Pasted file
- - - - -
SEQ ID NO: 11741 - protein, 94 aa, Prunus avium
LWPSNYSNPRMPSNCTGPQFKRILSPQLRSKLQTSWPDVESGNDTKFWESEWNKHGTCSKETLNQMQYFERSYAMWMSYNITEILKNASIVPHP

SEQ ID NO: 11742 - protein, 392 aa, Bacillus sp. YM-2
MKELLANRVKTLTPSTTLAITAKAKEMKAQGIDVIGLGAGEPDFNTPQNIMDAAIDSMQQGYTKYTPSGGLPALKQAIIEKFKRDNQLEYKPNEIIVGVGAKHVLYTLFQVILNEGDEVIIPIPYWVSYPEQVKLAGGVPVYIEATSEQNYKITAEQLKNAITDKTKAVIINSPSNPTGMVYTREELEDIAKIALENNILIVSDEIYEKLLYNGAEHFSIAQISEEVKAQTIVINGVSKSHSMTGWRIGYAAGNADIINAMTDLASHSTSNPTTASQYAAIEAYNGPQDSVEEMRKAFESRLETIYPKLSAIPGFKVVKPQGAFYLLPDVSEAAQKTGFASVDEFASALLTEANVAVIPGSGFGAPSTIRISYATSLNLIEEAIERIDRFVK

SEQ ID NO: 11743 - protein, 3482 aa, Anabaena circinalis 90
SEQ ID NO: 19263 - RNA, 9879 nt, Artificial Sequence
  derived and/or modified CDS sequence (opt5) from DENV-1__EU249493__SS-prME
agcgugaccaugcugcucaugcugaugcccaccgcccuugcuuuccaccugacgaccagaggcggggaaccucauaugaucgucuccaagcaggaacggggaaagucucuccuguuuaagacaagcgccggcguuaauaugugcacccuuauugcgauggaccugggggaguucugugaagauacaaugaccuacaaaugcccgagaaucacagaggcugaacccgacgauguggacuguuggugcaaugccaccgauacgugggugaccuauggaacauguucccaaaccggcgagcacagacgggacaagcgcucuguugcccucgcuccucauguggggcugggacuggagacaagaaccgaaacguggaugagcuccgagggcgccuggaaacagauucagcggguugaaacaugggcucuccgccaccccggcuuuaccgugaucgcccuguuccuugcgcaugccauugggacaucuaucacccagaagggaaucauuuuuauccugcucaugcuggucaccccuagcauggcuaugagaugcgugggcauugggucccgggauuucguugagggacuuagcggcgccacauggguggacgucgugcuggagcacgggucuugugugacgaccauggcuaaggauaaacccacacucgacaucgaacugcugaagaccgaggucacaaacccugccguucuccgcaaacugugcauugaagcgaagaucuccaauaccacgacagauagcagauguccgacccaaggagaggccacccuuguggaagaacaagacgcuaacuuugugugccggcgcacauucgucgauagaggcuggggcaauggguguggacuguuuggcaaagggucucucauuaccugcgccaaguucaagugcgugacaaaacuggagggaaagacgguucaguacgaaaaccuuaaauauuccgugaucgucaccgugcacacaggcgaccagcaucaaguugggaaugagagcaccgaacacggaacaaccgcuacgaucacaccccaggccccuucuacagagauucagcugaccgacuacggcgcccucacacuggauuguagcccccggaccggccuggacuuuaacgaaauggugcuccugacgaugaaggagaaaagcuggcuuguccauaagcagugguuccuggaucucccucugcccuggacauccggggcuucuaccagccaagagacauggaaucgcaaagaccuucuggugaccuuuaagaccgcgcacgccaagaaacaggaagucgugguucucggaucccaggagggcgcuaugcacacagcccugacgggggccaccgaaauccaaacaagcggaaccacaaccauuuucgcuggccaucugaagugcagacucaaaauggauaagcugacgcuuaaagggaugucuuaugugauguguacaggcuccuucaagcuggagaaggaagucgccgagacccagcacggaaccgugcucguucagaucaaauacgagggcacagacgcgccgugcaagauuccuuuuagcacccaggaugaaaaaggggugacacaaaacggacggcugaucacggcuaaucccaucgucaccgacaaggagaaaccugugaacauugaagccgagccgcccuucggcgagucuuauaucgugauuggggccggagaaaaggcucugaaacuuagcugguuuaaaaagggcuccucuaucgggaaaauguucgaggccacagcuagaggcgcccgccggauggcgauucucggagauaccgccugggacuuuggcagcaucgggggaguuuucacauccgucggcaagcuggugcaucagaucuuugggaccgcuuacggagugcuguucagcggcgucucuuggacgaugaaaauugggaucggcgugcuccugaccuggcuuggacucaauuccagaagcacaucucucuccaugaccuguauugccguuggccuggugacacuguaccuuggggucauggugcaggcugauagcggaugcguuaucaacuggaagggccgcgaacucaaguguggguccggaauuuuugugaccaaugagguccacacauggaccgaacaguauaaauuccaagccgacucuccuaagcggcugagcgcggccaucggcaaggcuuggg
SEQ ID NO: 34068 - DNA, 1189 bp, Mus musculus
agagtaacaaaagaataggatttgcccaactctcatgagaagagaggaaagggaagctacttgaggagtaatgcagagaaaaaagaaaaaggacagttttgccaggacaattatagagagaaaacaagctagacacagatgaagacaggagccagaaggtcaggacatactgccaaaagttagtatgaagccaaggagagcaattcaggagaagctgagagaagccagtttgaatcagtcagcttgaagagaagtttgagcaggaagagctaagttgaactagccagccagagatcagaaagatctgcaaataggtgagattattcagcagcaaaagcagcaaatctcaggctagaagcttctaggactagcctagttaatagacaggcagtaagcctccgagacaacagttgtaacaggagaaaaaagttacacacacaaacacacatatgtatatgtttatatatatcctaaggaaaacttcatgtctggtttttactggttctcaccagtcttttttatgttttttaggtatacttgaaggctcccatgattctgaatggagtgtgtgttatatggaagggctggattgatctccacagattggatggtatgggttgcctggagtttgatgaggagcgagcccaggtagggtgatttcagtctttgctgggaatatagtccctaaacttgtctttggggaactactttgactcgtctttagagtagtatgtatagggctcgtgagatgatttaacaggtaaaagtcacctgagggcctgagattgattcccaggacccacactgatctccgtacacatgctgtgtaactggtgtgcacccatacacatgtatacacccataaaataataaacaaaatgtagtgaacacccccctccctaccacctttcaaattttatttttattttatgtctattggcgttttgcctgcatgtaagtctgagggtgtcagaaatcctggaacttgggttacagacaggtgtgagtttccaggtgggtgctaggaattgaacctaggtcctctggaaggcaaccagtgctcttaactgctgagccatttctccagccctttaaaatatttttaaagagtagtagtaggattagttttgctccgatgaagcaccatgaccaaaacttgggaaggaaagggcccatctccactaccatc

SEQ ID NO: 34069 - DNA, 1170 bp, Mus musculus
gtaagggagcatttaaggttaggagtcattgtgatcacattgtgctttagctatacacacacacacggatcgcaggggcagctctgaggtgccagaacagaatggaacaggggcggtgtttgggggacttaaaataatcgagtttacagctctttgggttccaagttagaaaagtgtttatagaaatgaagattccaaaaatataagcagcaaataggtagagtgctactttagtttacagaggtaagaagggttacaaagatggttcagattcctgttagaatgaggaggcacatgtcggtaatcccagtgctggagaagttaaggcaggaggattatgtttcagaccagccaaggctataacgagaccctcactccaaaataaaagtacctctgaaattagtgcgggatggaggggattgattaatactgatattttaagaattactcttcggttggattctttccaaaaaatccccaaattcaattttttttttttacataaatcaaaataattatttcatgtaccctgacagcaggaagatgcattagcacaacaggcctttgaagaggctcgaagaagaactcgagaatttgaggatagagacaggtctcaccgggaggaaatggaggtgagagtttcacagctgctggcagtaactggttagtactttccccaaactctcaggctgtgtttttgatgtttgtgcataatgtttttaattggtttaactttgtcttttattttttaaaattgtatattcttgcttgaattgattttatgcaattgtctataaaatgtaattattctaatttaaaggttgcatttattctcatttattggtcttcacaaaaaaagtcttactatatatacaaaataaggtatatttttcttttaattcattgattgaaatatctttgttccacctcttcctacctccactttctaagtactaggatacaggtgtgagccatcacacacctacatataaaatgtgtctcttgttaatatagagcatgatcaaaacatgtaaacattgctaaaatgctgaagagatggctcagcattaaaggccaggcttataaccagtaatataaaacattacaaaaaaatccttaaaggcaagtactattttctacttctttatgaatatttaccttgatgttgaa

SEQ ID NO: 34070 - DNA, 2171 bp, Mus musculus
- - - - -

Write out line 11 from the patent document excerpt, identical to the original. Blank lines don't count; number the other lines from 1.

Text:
SEQ ID NO: 34069 - DNA, 1170 bp, Mus musculus